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Slave Labor and Fishing

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Kay Chernush, Slave Labor,2_0 ©_0

Above: the slaves who catch and process your dinner

One of the issues I talk about in Out of Sight is getting more publicity.

The Burmese slaves sat on the floor and stared through the rusty bars of their locked cage, hidden on a tiny tropical island thousands of miles from home.

Just a few yards away, other workers loaded cargo ships with slave-caught seafood that clouds the supply networks of major supermarkets, restaurants and even pet stores in the United States.

Here, in the Indonesian island village of Benjina and the surrounding waters, hundreds of trapped men represent one of the most desperate links criss-crossing between companies and countries in the seafood industry. This intricate web of connections separates the fish we eat from the men who catch it, and obscures a brutal truth: Your seafood may come from slaves.

The men the Associated Press spoke to on Benjina were mostly from Myanmar, also known as Burma, one of the poorest countries in the world. They were brought to Indonesia through Thailand and forced to fish. Their catch was shipped back to Thailand, and then entered the global commerce stream.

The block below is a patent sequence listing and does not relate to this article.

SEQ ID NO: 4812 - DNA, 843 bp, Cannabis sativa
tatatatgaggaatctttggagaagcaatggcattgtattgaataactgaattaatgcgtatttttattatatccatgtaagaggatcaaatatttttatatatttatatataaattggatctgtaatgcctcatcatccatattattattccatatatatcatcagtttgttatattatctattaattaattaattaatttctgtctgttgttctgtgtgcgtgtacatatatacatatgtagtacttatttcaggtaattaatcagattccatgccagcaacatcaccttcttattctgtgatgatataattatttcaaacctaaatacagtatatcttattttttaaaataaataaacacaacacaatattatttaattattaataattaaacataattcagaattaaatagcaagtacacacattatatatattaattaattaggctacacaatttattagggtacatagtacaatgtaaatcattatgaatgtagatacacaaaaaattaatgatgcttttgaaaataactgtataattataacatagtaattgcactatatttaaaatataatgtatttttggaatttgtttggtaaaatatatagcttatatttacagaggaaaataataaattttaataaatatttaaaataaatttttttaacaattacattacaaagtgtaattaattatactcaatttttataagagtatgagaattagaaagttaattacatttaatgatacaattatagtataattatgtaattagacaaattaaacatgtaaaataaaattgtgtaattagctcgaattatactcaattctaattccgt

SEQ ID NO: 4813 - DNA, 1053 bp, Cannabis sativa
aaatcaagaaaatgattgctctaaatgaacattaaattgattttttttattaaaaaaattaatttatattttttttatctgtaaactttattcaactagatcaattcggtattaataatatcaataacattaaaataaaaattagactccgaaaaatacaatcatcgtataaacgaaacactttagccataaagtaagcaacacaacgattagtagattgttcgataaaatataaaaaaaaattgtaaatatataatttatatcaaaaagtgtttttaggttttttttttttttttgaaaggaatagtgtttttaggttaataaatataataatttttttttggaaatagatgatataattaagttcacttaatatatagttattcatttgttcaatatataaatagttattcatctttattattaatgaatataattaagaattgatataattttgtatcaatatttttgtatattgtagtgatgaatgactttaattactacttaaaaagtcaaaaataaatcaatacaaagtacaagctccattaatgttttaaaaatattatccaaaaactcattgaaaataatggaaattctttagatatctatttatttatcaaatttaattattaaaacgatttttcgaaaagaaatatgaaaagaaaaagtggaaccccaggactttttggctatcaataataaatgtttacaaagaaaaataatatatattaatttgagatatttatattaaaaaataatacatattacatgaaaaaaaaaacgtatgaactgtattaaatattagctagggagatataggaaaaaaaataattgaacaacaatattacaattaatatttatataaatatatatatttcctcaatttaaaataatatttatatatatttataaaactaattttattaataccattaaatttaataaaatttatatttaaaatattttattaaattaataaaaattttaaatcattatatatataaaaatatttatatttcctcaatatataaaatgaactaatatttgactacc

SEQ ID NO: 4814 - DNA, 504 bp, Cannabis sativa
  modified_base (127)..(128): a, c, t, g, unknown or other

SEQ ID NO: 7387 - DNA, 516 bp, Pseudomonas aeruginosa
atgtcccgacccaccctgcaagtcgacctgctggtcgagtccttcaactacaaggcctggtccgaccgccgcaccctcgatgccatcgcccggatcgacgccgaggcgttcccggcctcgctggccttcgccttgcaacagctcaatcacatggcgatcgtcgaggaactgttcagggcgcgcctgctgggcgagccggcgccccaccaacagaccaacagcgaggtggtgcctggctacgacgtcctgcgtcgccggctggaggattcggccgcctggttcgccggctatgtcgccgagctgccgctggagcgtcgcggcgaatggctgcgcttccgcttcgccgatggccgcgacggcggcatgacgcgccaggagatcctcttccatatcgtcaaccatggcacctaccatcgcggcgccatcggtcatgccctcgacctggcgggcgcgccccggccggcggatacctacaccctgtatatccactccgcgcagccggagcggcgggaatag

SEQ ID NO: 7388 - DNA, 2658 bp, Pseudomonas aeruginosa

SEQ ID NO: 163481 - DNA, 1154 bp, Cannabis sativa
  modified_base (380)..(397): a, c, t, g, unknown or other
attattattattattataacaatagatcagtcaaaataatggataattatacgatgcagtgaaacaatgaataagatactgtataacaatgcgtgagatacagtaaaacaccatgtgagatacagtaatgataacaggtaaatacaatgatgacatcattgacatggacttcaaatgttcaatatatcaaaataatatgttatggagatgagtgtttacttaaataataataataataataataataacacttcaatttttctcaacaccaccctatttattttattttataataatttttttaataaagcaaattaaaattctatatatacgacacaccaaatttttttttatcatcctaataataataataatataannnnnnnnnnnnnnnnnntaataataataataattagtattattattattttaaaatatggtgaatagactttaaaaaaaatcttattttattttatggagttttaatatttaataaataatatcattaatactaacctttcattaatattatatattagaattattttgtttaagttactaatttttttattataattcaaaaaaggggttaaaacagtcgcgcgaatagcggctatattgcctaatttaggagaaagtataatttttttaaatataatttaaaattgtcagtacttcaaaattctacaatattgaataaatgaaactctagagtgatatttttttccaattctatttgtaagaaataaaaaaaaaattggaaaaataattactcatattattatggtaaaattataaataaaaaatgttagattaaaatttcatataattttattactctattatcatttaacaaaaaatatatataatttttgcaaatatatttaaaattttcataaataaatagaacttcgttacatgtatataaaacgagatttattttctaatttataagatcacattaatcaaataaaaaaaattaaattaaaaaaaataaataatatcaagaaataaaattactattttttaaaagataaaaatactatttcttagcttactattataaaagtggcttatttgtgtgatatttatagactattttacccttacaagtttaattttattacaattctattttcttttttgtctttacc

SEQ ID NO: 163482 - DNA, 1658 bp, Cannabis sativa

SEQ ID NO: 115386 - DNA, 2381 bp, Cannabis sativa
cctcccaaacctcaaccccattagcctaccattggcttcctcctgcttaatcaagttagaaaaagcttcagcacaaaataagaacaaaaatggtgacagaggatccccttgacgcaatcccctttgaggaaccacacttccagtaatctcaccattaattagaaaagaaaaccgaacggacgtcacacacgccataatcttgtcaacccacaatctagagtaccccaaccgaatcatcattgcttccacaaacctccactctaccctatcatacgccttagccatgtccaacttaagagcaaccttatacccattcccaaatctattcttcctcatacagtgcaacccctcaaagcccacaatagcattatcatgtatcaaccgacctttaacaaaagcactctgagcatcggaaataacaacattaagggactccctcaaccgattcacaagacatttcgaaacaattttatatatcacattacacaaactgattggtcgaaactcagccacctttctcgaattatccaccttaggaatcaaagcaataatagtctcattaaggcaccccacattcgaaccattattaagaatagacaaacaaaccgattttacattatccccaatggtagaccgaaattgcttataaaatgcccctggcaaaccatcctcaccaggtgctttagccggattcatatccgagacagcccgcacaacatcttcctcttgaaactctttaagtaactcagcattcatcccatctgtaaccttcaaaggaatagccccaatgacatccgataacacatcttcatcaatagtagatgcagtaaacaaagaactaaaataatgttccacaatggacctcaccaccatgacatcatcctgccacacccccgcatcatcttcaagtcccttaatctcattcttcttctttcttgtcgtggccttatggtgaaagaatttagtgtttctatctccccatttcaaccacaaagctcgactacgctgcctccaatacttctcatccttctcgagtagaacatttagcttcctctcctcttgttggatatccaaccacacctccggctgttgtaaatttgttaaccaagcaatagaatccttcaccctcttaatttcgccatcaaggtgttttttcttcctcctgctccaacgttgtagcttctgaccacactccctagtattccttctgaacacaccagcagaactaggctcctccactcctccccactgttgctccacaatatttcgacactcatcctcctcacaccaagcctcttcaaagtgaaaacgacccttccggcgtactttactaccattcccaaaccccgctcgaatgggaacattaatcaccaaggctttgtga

Tainted fish can wind up in the supply chains of some of America’s major grocery stores, such as Kroger, Albertsons and Safeway; the nation’s largest retailer, Wal-Mart; and the biggest food distributor, Sysco. It can find its way into the supply chains of some of the most popular brands of canned pet food, including Fancy Feast, Meow Mix and Iams. It can turn up as calamari at fine dining restaurants, as imitation crab in a California sushi roll or as packages of frozen snapper relabeled with store brands that land on our dinner tables.

Basically, if you are eating commercial seafood, you are probably inadvertently supporting extremely exploitative labor if not outright slavery. Whether it is Walmart contracting with Louisiana fish suppliers who bring guestworkers in from other countries and then lock them into the factory or big American and European companies buying southeast Asian seafood off the open market, horrific labor is what propels cheap seafood.

This is why in order to fight these conditions, we must be able to hold contracting corporations legally responsible for the actions of their suppliers. It is Walmart, Kroger, etc. that are demanding the fish at a very low price. Just like with apparel, this puts downward pressure on wages, to the point of using slave labor wherever possible. Right now, there is no way to hold these corporations accountable. At best, one local operation gets busted but then it just gets replaced by something else almost or just as bad. That’s not acceptable.

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